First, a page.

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Michigan Makes Futile Effort To Cut Its Way To Unemployment Fund Solvency


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Michigan doesn’t just have 10.9 percent unemployment, it also has one of the most dysfunctional unemployment insurance funds in the nation. That’s not because of the state’s high unemployment, though. It’s because of policy decisions by state lawmakers who have consistently sought to cut taxes for employers at the expense of jobless workers and the unemployment fund’s solvency, as a new report from the National Employment Law Project shows.


Between 1996 and 2000, Michigan businesses received a $750 million tax cut, courtesy of the UI trust fund and unemployed workers who sacrificed $350 million of benefits as the result of a cap on the maximum weekly benefit amount. In 2002, the second year of what would be the trust fund’s decade-long decline, lawmakers granted employers another tax break, this time cutting the amount of wages subject to taxation by $500.


Most recently, with trust fund borrowing in excess of $1 billion, Michigan gave businesses a two-year break on a special tax designed to cover interest payments on trust fund loans, potentially leaving state taxpayers on the hook for a $50 million shortfall this year. And, despite historic borrowing, Michigan dug a deeper hole by allowing a state tax credit to partially offset a federal tax increase that would have begun paying back trust fund loans.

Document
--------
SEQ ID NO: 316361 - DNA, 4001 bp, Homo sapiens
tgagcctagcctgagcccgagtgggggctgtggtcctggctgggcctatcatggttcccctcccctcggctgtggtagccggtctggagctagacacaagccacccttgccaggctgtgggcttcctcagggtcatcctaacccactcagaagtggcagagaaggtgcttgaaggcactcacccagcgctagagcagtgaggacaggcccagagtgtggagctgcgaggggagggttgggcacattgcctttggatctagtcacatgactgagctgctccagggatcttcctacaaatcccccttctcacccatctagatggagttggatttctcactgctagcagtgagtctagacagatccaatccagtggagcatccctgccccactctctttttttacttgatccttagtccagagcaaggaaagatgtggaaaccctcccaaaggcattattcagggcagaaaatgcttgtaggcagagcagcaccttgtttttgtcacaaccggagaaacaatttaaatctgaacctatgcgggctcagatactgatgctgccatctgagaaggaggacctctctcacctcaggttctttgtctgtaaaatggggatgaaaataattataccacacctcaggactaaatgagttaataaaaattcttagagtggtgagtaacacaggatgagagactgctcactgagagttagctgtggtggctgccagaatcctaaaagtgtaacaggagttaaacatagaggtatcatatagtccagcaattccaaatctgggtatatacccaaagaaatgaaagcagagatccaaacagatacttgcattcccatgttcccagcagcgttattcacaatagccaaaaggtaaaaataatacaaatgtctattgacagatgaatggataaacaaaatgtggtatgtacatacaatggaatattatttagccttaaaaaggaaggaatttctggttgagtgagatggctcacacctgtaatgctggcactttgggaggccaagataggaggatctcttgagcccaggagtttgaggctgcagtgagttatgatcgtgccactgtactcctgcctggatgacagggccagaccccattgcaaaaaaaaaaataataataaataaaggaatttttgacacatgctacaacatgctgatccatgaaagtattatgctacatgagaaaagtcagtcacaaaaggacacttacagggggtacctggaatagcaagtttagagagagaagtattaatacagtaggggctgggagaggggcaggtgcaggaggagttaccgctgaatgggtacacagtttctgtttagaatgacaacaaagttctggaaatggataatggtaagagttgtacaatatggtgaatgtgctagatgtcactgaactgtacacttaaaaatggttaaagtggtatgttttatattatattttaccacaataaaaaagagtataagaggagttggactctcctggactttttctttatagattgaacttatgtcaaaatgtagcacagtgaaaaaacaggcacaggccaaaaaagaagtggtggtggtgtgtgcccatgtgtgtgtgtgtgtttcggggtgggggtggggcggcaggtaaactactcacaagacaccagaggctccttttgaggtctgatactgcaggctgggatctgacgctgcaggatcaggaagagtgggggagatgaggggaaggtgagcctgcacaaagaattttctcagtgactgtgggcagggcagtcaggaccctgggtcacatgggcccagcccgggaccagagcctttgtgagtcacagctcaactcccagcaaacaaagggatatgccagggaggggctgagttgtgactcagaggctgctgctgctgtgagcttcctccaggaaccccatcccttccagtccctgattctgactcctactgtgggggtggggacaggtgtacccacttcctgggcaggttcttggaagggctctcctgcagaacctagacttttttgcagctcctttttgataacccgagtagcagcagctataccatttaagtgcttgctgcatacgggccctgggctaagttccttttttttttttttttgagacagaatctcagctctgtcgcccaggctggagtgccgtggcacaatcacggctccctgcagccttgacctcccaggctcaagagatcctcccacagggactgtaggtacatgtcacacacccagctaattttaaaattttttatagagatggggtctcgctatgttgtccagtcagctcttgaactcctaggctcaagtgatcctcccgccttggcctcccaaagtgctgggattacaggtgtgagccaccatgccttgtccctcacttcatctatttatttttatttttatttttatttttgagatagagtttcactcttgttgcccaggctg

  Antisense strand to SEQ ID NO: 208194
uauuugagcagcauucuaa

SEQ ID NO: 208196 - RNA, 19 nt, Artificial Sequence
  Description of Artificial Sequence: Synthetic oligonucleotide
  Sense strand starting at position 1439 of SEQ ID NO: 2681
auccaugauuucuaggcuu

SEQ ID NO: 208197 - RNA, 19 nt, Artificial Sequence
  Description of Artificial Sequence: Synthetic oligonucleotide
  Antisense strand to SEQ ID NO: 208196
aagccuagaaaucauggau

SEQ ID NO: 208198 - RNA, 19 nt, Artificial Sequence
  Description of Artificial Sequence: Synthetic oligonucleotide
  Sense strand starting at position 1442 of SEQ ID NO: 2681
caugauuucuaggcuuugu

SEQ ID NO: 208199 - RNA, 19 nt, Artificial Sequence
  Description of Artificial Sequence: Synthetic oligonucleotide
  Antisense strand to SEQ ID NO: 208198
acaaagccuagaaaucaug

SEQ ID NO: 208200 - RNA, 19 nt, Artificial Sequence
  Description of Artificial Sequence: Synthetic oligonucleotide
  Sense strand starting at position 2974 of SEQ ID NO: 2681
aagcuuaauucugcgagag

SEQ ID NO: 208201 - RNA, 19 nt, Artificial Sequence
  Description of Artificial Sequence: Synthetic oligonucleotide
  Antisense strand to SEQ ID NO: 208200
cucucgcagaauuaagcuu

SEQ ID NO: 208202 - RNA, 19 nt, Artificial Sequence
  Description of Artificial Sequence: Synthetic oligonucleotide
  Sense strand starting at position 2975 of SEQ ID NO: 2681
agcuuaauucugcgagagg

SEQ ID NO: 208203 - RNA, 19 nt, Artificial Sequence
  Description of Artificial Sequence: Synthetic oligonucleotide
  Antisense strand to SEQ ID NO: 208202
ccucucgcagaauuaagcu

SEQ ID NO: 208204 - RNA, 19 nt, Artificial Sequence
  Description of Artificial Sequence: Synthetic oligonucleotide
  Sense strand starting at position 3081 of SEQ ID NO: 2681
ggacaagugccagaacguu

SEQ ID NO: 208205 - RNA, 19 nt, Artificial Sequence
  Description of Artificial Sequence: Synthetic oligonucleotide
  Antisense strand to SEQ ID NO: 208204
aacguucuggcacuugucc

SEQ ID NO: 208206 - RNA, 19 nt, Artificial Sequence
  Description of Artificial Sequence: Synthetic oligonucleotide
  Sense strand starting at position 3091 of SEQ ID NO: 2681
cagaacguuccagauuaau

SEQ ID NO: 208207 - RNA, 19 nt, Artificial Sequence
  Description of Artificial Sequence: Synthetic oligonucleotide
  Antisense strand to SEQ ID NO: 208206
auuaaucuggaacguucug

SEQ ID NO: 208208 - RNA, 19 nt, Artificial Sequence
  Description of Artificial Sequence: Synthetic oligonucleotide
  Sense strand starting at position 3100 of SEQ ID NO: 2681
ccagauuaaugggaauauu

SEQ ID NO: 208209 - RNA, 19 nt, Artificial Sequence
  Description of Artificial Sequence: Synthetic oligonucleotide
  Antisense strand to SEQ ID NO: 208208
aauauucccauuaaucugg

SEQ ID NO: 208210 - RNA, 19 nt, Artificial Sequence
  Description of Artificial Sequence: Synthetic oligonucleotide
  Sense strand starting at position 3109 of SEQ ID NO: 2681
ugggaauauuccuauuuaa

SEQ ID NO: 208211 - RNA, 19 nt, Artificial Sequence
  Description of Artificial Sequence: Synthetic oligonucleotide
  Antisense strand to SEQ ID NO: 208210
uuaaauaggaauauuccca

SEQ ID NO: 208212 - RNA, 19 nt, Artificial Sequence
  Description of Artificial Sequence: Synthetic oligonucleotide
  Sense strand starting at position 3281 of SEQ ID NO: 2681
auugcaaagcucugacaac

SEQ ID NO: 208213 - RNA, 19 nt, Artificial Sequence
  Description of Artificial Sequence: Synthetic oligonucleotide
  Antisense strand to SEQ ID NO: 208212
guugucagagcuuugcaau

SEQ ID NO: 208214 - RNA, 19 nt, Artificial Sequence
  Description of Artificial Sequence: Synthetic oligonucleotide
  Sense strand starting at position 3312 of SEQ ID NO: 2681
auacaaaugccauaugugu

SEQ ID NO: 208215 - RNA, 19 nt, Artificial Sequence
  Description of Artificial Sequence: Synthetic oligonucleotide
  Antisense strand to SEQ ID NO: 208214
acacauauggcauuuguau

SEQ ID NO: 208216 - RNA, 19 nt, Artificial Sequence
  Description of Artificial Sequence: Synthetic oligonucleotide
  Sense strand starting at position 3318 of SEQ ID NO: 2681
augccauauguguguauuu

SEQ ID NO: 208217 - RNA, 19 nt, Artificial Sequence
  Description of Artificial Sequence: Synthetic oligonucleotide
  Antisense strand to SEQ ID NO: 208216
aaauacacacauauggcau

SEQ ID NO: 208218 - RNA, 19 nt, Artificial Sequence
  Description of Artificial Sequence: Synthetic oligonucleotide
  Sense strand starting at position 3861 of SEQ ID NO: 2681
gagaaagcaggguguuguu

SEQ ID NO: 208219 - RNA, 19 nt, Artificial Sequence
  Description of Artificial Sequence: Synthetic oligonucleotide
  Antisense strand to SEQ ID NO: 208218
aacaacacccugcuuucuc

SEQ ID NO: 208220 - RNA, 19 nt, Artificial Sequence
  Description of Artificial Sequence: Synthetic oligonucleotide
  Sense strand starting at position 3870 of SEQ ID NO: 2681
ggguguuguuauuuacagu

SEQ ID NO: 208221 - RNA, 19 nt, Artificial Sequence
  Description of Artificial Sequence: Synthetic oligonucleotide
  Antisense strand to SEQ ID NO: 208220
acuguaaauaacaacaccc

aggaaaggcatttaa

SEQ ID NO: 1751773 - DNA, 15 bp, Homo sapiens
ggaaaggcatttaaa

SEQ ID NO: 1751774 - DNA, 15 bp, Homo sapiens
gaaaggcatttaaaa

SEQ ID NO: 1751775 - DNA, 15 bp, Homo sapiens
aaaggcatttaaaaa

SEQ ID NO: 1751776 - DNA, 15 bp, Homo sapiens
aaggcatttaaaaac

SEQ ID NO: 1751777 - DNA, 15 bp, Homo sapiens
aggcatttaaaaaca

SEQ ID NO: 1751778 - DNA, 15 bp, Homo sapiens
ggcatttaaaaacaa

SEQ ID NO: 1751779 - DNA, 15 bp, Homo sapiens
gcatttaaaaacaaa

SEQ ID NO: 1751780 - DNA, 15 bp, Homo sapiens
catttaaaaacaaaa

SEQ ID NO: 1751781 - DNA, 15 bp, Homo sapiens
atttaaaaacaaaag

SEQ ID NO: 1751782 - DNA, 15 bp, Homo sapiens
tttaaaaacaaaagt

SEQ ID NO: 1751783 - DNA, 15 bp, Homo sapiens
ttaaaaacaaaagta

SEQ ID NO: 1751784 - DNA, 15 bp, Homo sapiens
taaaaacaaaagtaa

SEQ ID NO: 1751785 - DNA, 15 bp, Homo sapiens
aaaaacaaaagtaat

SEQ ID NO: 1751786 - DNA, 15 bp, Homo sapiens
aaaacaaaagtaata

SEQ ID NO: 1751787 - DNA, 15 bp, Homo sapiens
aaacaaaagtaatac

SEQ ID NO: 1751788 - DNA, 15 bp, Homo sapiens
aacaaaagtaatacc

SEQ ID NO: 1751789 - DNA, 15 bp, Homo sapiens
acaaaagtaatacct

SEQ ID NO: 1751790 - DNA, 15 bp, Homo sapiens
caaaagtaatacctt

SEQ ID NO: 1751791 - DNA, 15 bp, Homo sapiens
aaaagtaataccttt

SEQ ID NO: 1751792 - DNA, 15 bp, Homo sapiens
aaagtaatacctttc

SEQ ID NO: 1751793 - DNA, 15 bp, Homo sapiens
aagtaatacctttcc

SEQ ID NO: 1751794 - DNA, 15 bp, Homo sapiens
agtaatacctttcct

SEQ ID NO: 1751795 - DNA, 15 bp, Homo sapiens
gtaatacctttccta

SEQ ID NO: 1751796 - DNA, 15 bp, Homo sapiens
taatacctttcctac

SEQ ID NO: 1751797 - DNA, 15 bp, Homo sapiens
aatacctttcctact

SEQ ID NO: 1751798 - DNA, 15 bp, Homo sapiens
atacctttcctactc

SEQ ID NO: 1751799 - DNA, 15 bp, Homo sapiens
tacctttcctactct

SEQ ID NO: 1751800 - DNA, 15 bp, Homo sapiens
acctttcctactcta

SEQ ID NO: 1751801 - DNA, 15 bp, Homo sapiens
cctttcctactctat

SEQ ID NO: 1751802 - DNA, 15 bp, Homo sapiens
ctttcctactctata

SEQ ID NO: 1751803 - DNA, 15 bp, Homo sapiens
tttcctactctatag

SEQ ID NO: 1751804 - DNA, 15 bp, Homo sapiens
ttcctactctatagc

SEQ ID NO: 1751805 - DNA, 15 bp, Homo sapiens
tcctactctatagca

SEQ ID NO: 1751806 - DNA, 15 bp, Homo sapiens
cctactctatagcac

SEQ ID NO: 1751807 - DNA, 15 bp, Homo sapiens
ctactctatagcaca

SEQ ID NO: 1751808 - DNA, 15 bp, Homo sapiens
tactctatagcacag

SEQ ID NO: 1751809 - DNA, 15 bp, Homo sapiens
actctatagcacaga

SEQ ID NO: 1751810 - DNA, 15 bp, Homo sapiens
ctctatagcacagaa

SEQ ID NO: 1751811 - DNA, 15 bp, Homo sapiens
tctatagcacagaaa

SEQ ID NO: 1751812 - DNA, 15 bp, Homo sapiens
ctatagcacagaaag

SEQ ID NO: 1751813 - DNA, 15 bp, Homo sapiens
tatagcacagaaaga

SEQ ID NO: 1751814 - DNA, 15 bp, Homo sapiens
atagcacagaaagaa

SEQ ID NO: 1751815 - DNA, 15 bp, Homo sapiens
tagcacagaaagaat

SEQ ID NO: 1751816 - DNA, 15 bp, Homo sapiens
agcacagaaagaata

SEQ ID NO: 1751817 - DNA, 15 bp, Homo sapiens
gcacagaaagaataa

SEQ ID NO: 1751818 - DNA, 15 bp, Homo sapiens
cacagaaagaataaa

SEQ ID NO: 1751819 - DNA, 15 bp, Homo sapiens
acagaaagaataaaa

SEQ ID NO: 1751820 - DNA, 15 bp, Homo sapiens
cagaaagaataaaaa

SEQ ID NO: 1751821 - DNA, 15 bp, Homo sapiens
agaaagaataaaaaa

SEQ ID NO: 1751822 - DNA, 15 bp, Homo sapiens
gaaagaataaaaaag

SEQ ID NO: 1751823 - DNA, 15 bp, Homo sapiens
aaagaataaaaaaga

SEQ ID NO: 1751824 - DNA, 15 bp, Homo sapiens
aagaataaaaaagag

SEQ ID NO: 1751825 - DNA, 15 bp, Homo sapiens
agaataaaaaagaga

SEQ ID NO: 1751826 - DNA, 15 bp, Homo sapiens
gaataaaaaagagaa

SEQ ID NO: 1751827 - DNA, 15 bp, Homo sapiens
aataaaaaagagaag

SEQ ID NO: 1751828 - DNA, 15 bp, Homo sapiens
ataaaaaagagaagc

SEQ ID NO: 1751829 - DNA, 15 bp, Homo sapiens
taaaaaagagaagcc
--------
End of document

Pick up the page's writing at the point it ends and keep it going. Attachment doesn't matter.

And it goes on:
In March, Michigan became the first state in the nation to cut the maximum number of weeks that jobless workers can file for unemployment insurance from 26 weeks down to 20 weeks, for claims filed in January 2012 and thereafter. Pending legislation would further reduce UI benefit levels and restrict program eligibility. During the years since 1995 that Michigan’s employers have been awarded billions in UI payroll tax cuts, Michigan’s maximum weekly benefit has only been raised once (in 2002), and remains at only $362 a week.


At this point, according to the report, unemployment benefit cuts will not be sufficient to avoid employer tax increases; in fact, employers are already facing increased payroll taxes as a result of Michigan’s past borrowing. Yet Michigan’s legislature and governor continue to act as if cutting benefits in more and different ways will be enough to bring the state’s unemployment fund back to solvency.

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